Worm Bodies & Movement & Celebration
“Lowly worm” is a serious misnomer.
Earthworms are soil scientists with incredible strength that contribute significantly to human survival.
If you are just discovering this mini-unit on Worms & Soil then please go now to Part One where you will find the initial story-shaping lesson that frames the activities described here. (Learn more about the principles of Imaginative Ecological Education and how IEE principles play out in the unit.)
7 Easy & Engaging Activities For Exploring Worms & Soil
1. Worm Anatomy 101. Find out what your students already know, feel, and wonder about worms based on their previous interactions and/or the story-form they have already been introduced to. You might also review some of the content knowledge contained in the previous story-form depending on your curricular objectives.
Ask: What are worm bodies like? But how do earthworms move? How do they see without eyes?
Information: The worm body is composed of a lot of rings all connected together—kind of like the corduroy you might have on your pants. These rings are the segments of the worm. A full-grown worm will have between 120-170 of these segments. On the first segment (or the head) of the worm the mouth is located, and on the last segment, the anus. (Encourage students to try not to confuse the worm’s front and rear ends—just imagine how it would feel if someone said he/she couldn’t tell the difference between your head and your rear end!)
Ask students: What would you like your worm skin to look like if you were a worm for a day?
2. Super Worm Power (or Worm Super Power). Worms have the amazing ability to re-grow lost segments; if a worm’s tail gets chopped off, it can actually grow another one. In certain conditions, some earthworms can even grow a new head! Worms are not entirely bald either. They have four pairs of bristly hairs on each segment. Using the following list of qualities—ask students to pick one that they think describes another super power of this soil scientist.
Note: To learn more about how to use HEROIC qualities in all your teaching follow the Tools of Imagination Series. For now, meet your new BFF:
3. Practicing Worm Movement. Discuss with students how an earthworm’s body structure is directly tied to how it moves. Convey to students how hard worms have to work to move forward and backward. What you might say to evoke an image of the worm’s movement: The worm contracts the circular rings around its body thereby making its body thinner and longer (kind of like if you were to pull a piece of spaghetti from each end). The worm’s head gets squeezed forward this way. The worm then squeezes its muscles together to pull its tail end toward its head. The bristly hairs on each segment help to slow the worm down when it really gets moving and to stop it completely if necessary. (*I have described in third person here how worms move, but you might want to speak in first person, as if you are a worm.) Students should be encouraged to try wriggling like worms. They could lie down on their tummies, arms tight against their sides and legs close together, stretching their bodies out and pulling in their knees and feet. Just how long would it take them to cross a short section of the field inching forward like worms?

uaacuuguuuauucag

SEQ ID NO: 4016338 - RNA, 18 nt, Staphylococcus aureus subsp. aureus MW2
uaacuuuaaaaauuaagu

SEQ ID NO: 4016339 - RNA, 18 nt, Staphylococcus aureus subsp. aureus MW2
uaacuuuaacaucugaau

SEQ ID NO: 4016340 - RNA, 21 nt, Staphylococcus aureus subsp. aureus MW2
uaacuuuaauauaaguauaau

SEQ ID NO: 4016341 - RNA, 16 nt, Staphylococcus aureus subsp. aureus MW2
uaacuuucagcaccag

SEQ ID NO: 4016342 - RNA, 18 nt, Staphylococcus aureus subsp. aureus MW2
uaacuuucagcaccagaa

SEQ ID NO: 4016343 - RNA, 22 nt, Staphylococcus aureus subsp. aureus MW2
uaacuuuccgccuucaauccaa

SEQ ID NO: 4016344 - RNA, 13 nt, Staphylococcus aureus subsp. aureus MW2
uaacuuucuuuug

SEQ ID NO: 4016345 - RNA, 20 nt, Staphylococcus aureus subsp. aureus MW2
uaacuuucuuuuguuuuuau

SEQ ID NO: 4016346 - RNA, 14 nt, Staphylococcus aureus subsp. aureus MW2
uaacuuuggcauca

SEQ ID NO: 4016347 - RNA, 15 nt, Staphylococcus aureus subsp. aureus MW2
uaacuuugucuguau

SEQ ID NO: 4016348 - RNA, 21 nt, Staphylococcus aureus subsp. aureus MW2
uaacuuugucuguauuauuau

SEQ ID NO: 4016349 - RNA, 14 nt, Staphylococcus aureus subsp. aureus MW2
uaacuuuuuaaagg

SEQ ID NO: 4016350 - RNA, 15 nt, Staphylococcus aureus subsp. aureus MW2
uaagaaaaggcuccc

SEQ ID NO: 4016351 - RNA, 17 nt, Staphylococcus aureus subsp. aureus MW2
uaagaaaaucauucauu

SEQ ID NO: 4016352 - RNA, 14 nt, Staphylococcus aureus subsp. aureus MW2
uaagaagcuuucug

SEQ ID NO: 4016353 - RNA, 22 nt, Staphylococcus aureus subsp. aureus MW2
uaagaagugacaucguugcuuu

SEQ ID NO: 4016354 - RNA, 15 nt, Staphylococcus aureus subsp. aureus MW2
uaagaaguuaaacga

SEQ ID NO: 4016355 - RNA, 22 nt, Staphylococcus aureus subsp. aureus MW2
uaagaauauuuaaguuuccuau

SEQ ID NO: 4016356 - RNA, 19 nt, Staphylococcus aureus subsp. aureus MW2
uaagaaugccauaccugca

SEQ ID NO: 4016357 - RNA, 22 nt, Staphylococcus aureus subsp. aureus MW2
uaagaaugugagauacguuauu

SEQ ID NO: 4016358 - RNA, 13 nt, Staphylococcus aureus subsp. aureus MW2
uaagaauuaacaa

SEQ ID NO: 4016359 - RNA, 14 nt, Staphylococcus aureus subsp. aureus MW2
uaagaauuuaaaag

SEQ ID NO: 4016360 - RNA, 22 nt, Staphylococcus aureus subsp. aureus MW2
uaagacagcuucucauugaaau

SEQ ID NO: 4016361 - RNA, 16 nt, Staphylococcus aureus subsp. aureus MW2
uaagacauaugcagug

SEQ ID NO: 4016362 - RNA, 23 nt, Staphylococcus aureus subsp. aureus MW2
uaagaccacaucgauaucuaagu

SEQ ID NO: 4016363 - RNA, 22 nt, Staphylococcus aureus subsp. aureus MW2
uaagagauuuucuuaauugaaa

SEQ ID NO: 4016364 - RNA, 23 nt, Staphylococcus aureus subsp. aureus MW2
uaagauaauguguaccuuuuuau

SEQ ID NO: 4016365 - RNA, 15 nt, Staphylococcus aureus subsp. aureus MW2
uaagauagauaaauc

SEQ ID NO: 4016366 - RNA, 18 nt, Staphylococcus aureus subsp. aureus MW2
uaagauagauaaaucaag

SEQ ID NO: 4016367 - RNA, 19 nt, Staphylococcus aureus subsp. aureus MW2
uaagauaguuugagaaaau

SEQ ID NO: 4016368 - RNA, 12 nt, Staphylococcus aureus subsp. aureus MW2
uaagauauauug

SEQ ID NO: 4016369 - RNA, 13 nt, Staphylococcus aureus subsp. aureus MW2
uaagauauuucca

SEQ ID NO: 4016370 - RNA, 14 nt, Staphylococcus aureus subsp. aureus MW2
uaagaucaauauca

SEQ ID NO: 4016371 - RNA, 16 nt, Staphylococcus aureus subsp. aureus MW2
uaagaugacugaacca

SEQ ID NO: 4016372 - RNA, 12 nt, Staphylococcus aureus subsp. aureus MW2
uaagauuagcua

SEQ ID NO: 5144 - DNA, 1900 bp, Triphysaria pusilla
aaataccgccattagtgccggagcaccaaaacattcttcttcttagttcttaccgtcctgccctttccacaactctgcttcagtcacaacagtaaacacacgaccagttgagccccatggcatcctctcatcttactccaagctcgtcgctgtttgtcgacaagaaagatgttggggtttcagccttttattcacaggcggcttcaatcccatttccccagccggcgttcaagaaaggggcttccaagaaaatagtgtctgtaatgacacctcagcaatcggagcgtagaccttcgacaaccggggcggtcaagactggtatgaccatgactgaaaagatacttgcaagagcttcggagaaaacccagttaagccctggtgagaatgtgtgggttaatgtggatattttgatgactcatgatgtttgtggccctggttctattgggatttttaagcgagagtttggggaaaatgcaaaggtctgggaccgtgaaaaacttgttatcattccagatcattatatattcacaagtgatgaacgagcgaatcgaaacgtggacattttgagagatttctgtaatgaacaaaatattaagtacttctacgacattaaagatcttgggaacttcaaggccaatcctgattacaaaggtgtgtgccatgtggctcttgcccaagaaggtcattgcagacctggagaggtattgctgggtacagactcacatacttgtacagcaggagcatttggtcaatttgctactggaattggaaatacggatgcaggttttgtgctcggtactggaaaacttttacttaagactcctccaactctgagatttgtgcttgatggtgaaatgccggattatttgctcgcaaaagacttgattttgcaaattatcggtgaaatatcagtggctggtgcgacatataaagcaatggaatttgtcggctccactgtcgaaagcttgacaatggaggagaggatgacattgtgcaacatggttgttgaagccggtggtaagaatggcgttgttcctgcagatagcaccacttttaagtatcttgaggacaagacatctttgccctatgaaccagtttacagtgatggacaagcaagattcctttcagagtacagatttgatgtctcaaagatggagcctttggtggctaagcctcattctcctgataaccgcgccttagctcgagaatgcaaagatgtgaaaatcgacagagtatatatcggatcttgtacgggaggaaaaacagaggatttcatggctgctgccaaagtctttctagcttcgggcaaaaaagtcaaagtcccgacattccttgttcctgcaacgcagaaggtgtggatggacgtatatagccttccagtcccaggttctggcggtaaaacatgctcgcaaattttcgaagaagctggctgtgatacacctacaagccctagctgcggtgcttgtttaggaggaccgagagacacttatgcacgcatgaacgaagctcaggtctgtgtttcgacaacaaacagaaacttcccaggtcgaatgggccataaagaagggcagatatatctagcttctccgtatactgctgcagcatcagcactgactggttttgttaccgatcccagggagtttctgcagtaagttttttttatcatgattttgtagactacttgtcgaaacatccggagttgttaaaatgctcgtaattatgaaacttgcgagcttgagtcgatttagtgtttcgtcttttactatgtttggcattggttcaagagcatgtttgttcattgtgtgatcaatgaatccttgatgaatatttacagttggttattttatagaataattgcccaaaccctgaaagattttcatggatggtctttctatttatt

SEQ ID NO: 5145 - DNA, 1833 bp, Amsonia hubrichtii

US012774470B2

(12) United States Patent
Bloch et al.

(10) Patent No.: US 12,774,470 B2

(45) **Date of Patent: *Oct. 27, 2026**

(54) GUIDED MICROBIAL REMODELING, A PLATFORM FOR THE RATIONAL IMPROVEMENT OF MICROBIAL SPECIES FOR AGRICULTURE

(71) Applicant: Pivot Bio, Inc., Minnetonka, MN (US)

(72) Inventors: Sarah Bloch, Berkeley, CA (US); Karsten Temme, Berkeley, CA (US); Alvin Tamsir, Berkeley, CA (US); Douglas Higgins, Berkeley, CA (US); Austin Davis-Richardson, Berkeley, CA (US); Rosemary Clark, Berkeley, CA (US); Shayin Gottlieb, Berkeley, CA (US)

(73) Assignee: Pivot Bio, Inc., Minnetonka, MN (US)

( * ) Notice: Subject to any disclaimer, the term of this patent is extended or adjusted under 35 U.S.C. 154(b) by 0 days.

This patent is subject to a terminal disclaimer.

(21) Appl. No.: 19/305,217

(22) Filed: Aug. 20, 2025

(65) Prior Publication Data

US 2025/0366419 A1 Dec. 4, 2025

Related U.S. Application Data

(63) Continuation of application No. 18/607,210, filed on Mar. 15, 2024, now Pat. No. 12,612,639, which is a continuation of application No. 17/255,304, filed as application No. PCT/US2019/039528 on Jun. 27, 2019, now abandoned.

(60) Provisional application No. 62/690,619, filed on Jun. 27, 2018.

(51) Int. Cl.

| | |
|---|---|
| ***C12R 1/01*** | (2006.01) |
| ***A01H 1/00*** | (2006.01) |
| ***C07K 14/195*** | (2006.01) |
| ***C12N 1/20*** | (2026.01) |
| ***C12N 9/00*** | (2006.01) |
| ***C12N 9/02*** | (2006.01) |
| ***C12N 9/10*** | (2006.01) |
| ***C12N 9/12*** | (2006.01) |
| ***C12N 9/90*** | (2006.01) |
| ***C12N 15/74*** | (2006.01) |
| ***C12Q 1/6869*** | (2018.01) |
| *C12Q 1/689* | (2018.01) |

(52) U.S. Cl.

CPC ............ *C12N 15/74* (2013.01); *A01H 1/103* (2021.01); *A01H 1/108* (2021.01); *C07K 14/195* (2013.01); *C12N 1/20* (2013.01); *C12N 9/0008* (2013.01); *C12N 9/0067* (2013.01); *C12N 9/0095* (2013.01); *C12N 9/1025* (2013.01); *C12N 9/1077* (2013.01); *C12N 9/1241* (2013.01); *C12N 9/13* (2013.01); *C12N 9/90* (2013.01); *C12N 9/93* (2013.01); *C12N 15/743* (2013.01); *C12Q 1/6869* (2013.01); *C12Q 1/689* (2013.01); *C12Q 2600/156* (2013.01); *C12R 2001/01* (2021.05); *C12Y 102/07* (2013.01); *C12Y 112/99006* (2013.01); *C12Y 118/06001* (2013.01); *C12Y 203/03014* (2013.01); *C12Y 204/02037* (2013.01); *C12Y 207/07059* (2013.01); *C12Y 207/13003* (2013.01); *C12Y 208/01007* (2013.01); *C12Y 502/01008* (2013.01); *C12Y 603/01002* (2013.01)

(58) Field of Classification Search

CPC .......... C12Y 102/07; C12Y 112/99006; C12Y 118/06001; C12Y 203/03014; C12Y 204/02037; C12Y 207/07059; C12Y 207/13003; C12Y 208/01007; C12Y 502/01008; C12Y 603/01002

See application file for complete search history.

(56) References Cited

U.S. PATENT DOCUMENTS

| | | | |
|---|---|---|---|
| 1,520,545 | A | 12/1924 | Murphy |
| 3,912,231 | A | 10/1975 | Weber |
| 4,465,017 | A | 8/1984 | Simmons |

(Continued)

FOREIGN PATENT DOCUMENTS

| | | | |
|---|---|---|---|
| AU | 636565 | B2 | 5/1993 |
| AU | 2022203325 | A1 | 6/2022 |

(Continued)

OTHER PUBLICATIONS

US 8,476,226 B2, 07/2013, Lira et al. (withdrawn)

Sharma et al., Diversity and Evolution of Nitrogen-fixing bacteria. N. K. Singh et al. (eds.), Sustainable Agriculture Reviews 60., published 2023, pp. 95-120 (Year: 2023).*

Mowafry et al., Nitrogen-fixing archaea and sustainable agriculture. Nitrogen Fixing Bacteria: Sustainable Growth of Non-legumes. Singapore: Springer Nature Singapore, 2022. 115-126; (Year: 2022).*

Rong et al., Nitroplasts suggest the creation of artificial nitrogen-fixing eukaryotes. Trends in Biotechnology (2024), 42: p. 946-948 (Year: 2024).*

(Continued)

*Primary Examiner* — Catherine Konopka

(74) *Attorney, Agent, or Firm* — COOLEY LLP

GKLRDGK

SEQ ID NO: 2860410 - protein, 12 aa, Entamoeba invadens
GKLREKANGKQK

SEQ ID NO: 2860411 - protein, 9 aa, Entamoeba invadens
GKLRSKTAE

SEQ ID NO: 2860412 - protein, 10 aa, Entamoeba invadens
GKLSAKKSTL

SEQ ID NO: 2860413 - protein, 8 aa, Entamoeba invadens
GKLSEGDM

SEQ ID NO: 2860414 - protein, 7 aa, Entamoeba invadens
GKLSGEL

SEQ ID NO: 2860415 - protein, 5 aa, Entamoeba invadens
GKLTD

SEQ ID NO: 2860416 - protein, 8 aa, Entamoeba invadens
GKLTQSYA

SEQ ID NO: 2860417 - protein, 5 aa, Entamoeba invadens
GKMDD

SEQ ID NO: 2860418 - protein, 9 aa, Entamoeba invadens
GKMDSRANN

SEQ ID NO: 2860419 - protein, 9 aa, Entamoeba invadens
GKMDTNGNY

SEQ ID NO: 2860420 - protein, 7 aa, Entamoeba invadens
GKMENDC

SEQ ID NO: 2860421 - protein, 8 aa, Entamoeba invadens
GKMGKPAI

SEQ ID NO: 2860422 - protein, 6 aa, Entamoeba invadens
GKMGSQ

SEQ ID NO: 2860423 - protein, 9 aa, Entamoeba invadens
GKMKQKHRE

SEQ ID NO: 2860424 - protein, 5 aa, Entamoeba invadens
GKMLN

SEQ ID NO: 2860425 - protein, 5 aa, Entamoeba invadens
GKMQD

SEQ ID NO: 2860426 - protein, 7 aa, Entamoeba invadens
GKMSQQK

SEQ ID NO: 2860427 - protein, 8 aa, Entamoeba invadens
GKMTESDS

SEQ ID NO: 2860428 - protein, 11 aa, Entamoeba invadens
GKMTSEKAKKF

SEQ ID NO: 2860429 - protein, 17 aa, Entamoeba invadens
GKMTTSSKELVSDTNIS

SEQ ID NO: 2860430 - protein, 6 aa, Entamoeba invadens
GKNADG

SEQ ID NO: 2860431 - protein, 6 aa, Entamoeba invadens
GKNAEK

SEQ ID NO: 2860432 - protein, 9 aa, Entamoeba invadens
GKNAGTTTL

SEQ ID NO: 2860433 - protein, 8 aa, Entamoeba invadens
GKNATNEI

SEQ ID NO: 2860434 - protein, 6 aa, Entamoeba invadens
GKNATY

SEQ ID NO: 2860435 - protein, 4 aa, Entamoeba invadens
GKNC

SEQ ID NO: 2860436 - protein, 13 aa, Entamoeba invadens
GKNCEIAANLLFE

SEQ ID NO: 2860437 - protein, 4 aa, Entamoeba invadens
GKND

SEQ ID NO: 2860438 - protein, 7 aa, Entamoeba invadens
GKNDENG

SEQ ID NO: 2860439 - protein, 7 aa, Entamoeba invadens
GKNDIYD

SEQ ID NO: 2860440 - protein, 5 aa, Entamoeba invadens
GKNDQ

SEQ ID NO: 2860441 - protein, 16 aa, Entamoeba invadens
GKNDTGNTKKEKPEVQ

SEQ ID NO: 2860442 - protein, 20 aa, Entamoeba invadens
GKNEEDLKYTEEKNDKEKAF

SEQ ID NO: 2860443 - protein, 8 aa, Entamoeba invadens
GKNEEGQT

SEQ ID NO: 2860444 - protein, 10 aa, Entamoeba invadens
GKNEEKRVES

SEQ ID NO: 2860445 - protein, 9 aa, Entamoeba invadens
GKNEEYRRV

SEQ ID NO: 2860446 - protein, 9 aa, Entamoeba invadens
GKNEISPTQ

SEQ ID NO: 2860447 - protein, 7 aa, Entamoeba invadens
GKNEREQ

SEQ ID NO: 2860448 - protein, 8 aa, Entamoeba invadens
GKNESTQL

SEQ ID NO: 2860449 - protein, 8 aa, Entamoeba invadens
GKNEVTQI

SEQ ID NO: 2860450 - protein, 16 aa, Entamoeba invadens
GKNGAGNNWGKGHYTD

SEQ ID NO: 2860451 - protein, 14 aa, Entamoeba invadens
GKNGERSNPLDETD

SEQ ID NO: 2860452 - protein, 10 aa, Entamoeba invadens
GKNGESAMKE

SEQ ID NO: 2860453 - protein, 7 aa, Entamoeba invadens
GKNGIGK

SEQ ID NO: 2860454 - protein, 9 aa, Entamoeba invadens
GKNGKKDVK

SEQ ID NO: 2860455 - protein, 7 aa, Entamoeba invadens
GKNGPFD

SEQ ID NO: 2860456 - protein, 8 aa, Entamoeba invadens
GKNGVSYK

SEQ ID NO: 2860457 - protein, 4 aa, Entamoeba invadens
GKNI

4. Play Worm-Tag. This is dirty and silly and foolish and fabulous. Come on now educators—we all remember doing “the worm” back when such an action wouldn’t leave us in traction. Play a game where the movement must be worm like—no feet to the rescue. Everyone is a worm and everyone is trying to get balls across a line (nudging only).
5. Creative writing: You/your students could, of course, extend the initial story-form (Post One) at length, developing new characters that L.T. would meet, or different adventures that L.T. might experience. Students could do some research into what lives in a soil sample and then role play these characters and constituents in ways that introduce new information into the learning.
6. Science/Digestion: As an extension of this examination of the worms’ bodies it might be interesting to explore how food passes through L.T. Does he ever get a bellyache from something he eats? One could trace a leaf through L.T.’s mouth, pharynx, esophagus, crop, gizzard, intestine, blood stream and out the anus to see how it gets digested.
7. Final Celebration: Honour these great soil scientists. Honour the life that lives within soil. Host A Great Worm & Soil Exhibition in which students display something they have done and are most proud of in the unit whether it be artwork, writing/creative writing, a scientific diagram etc.
The event/cumulative learning activity would acknowledge the important roles worms and soil play in the community (this being, of course, the human and natural communities) and could also involve the giving of “gifts” to the worms and soil. What might the worms enjoy? Food! What might soil enjoy? Water! There would be no harm, of course, in practicing the culinary arts of making some hearty mud pies as well.
EAT! Hungry, hungry, hungry! Bring worm-themed treats for the human participants too: endless options there.
Ultimately the aim is to honour earthworms or soil—doing so on Worm Day (March 15) would be ideal. But, really, anyway can be Worm Day!
Please LEAVE A COMMENT and share how these you/your students enjoy understanding the secret life of worms!